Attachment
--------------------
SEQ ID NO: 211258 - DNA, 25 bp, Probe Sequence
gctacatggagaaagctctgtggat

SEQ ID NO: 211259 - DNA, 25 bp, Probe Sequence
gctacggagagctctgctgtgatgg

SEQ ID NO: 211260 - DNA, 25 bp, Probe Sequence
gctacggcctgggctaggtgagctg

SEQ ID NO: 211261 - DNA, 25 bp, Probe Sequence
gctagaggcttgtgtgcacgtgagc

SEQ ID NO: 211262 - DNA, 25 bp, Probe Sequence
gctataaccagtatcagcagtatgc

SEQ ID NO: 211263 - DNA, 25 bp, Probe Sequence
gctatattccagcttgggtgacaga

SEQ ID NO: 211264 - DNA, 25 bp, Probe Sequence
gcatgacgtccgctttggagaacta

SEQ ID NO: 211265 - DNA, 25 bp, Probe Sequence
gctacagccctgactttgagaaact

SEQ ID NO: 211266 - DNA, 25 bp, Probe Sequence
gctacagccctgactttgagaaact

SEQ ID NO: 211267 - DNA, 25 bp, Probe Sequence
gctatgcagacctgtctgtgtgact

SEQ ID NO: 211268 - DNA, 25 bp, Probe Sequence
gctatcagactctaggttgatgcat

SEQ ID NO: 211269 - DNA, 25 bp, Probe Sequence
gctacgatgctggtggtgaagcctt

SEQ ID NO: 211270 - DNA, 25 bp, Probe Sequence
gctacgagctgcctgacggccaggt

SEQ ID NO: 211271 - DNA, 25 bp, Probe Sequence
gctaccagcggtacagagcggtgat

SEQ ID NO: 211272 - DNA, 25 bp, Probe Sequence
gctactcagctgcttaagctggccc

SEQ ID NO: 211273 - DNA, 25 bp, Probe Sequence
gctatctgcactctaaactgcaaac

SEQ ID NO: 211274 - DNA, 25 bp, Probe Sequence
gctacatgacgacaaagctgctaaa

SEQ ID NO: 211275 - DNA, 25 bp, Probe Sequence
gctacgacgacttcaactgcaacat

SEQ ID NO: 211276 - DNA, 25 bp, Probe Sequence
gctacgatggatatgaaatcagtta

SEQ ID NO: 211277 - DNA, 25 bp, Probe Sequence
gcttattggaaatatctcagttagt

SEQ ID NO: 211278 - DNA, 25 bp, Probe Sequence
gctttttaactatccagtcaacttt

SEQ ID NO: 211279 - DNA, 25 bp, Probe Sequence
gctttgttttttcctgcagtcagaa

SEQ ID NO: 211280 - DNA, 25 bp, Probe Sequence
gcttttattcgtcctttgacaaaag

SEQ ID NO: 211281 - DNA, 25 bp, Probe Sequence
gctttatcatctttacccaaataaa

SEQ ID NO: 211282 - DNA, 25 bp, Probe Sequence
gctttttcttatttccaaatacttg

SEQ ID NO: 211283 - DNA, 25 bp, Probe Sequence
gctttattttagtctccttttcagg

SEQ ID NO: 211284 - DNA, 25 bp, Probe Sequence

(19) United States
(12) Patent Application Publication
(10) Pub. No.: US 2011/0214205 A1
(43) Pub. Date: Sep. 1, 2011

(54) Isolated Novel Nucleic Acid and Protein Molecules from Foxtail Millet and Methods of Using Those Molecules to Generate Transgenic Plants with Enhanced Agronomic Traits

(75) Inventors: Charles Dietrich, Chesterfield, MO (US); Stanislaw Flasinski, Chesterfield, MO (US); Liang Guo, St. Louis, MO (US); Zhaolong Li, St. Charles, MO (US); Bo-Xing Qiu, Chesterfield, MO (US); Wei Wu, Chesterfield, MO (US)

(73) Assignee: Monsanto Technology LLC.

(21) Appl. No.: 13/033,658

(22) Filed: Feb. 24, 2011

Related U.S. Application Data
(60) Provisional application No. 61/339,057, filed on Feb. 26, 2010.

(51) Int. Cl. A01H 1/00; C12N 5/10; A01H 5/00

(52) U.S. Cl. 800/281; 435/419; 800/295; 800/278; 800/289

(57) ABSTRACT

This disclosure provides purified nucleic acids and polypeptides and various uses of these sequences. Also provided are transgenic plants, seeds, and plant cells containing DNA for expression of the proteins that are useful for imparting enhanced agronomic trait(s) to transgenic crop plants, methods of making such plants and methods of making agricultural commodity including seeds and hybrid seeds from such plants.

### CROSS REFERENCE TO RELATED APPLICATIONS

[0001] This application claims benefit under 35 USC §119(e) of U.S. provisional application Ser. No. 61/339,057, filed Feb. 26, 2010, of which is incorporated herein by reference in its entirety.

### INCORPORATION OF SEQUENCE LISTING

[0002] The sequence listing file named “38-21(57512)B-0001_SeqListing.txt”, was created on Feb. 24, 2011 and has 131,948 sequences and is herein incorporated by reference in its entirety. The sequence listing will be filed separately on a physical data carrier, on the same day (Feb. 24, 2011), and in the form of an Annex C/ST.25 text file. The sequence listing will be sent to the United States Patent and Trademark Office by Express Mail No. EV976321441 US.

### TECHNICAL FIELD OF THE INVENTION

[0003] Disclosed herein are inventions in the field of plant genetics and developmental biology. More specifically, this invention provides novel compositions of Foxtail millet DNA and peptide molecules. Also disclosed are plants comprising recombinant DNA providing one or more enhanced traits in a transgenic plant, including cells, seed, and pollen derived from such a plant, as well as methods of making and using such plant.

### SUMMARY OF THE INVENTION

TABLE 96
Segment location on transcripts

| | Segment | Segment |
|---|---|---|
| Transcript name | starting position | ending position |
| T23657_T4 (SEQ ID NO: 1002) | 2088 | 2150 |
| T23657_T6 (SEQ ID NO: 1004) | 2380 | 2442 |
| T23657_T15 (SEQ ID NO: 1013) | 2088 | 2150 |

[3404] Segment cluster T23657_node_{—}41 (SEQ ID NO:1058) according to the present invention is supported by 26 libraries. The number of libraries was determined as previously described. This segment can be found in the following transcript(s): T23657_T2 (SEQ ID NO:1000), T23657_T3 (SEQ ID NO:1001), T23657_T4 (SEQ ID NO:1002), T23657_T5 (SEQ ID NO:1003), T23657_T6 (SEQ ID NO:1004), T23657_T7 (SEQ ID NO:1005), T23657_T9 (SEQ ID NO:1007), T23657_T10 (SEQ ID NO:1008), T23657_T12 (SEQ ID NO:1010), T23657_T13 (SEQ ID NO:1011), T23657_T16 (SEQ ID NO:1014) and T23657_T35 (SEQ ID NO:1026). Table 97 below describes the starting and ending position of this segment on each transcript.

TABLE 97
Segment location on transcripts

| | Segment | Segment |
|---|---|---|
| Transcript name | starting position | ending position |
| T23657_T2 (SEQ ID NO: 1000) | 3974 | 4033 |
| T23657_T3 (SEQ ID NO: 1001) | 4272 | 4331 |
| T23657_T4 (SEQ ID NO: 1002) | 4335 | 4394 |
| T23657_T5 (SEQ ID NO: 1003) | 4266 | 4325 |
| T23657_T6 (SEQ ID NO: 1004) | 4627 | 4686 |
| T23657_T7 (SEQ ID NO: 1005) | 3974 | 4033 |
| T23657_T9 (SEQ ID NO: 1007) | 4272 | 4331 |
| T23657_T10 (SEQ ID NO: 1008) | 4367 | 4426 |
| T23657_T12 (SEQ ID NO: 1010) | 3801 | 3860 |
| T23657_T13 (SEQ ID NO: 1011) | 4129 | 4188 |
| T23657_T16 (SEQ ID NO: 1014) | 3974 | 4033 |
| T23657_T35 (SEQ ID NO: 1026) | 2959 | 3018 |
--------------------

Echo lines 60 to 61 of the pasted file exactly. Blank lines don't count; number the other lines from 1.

(73) Assignee: Monsanto Technology LLC.

(21) Appl. No.: 13/033,658